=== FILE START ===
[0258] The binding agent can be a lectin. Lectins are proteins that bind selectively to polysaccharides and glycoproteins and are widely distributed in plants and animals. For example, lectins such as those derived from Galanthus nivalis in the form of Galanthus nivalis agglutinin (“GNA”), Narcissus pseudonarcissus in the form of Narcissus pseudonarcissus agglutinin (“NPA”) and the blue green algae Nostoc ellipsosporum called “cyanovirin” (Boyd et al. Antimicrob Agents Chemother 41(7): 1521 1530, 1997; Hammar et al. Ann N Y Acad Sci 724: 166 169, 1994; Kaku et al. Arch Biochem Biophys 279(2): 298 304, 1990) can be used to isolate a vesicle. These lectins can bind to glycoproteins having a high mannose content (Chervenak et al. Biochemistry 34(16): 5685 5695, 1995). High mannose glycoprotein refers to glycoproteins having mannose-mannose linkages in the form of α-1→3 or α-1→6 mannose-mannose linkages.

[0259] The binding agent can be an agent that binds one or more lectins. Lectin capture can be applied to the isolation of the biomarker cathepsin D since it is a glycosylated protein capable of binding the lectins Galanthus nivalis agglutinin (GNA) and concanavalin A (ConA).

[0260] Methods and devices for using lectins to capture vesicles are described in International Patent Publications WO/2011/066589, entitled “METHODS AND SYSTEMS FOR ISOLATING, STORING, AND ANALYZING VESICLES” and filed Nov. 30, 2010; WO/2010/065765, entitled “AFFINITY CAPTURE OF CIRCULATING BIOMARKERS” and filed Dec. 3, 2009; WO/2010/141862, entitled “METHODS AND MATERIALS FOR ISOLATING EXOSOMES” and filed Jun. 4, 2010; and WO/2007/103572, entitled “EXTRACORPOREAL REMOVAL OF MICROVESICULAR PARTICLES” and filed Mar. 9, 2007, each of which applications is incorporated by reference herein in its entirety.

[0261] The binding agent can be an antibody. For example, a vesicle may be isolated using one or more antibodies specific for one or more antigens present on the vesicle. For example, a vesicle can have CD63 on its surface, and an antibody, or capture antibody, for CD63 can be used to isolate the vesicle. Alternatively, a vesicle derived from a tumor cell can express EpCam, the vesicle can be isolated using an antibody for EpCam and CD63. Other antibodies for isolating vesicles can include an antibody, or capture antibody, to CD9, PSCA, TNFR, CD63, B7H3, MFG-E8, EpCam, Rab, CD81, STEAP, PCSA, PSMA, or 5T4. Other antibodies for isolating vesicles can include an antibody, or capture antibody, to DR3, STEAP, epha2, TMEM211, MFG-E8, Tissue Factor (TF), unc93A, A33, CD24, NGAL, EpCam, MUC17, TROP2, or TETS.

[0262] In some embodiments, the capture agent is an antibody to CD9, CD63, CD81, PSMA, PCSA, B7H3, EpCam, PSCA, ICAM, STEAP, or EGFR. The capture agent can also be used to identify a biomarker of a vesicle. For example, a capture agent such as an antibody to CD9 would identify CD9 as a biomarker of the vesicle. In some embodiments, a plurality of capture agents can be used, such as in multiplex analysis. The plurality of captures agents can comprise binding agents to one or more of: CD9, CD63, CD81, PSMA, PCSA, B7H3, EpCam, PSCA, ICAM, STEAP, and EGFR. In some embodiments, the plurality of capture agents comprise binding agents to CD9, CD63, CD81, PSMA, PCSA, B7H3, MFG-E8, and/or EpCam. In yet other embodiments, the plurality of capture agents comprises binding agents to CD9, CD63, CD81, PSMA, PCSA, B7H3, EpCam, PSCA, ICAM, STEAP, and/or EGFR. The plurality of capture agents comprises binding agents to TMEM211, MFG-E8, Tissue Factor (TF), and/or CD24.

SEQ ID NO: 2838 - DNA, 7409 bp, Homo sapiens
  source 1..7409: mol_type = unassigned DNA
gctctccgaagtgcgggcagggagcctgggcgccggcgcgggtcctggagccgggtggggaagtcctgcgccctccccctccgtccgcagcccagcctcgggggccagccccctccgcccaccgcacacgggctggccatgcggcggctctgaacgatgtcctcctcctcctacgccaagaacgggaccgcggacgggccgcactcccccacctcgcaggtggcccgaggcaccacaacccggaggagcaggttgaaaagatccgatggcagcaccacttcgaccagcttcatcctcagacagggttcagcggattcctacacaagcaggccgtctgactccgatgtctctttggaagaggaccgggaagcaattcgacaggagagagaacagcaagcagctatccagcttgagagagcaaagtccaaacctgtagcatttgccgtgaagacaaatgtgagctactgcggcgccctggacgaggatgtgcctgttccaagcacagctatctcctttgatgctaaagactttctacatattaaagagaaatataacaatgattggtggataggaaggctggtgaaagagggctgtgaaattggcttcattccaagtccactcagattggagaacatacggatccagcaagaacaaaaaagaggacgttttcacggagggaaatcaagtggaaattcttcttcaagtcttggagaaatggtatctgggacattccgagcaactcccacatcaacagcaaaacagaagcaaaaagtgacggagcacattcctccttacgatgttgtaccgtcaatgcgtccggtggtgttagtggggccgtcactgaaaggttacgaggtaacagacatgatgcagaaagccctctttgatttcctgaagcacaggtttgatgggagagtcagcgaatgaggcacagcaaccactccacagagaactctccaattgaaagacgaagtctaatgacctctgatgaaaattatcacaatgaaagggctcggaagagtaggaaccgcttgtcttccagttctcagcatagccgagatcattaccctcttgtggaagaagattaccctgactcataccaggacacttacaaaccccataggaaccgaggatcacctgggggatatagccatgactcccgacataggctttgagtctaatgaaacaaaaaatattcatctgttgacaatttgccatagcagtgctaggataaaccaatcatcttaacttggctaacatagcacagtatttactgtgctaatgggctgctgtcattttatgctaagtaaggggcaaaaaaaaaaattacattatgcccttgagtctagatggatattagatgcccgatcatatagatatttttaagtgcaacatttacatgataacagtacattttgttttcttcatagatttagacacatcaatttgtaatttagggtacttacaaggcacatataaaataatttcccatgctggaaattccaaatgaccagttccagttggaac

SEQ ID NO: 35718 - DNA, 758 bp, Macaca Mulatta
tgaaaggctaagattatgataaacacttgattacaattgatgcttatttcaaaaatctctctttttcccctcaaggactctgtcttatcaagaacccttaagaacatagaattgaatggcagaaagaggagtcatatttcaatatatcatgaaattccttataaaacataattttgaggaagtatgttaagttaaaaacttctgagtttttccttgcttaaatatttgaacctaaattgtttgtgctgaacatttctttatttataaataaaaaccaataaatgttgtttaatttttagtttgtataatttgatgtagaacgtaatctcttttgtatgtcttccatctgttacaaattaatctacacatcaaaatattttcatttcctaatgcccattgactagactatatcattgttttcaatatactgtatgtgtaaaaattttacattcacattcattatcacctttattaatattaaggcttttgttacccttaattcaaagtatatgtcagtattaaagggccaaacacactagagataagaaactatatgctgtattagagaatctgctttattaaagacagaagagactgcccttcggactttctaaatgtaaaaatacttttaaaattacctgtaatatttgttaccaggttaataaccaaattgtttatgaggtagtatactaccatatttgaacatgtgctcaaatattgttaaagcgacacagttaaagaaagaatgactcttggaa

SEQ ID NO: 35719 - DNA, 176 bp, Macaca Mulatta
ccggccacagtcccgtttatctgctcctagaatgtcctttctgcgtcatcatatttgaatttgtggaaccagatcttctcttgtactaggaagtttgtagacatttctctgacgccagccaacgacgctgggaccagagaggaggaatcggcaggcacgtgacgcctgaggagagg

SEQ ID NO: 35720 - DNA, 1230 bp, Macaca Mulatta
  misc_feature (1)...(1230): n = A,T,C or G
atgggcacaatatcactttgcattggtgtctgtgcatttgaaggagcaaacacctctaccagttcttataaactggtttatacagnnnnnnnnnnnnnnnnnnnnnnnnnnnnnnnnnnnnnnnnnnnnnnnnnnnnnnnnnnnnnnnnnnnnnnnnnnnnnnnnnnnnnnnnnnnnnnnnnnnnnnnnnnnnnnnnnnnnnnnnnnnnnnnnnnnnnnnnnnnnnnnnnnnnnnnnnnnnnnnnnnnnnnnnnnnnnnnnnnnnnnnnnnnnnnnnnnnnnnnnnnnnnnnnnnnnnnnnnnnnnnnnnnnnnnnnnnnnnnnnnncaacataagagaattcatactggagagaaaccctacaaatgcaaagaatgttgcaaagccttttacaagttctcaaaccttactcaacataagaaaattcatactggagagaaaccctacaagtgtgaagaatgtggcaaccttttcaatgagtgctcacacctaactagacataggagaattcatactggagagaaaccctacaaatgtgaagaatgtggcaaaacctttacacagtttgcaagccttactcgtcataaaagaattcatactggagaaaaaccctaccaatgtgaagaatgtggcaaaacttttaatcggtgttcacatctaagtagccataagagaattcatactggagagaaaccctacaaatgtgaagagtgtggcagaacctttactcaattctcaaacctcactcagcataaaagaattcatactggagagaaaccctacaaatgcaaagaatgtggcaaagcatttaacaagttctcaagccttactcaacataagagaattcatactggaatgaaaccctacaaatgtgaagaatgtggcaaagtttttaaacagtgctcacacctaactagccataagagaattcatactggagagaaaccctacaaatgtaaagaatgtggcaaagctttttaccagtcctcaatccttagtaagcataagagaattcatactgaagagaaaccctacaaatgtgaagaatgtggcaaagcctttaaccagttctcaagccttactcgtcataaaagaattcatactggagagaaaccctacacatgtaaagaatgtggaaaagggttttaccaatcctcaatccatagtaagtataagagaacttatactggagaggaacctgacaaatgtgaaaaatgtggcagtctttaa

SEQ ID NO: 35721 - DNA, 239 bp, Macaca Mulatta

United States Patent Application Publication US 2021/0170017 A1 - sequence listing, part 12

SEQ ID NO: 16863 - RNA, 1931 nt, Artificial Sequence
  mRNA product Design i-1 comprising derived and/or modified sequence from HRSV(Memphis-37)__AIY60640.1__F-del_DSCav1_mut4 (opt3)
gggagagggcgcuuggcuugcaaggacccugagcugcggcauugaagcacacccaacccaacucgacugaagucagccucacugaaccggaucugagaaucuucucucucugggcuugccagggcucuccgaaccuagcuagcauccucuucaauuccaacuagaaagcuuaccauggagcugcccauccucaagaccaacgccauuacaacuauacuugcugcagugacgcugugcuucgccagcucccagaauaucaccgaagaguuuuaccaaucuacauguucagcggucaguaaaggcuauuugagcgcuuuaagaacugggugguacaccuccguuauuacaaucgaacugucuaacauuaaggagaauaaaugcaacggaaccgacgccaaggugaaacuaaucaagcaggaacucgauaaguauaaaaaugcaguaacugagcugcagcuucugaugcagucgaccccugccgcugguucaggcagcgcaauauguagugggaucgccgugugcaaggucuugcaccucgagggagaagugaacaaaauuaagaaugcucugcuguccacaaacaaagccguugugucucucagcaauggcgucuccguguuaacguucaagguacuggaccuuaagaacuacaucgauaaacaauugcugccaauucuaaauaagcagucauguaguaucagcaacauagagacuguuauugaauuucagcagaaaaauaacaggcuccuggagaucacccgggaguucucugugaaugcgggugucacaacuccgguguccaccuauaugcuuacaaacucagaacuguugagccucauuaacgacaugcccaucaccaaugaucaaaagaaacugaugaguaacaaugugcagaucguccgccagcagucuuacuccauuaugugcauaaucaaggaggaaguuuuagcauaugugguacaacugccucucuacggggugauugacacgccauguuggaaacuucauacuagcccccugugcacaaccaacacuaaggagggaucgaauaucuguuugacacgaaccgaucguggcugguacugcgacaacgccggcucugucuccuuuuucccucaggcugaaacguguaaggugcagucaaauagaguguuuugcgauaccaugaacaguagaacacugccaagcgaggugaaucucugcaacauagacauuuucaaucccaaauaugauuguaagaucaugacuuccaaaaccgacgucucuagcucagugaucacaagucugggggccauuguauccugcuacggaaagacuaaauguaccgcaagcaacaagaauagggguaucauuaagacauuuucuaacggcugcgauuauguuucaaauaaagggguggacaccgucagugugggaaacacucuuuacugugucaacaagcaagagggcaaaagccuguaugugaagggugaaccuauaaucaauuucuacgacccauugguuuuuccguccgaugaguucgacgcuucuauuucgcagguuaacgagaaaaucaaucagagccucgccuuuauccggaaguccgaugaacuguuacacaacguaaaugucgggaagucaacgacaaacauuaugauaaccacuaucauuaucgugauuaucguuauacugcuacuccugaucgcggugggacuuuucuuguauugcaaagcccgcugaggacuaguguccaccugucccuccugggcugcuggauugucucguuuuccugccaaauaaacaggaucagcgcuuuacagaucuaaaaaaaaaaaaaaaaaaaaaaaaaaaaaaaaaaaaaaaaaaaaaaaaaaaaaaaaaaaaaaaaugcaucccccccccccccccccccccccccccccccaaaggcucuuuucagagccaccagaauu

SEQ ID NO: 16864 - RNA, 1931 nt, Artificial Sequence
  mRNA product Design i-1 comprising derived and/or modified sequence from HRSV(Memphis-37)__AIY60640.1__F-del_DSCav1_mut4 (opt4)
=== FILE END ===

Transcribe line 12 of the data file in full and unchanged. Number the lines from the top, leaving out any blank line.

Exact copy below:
ccggccacagtcccgtttatctgctcctagaatgtcctttctgcgtcatcatatttgaatttgtggaaccagatcttctcttgtactaggaagtttgtagacatttctctgacgccagccaacgacgctgggaccagagaggaggaatcggcaggcacgtgacgcctgaggagagg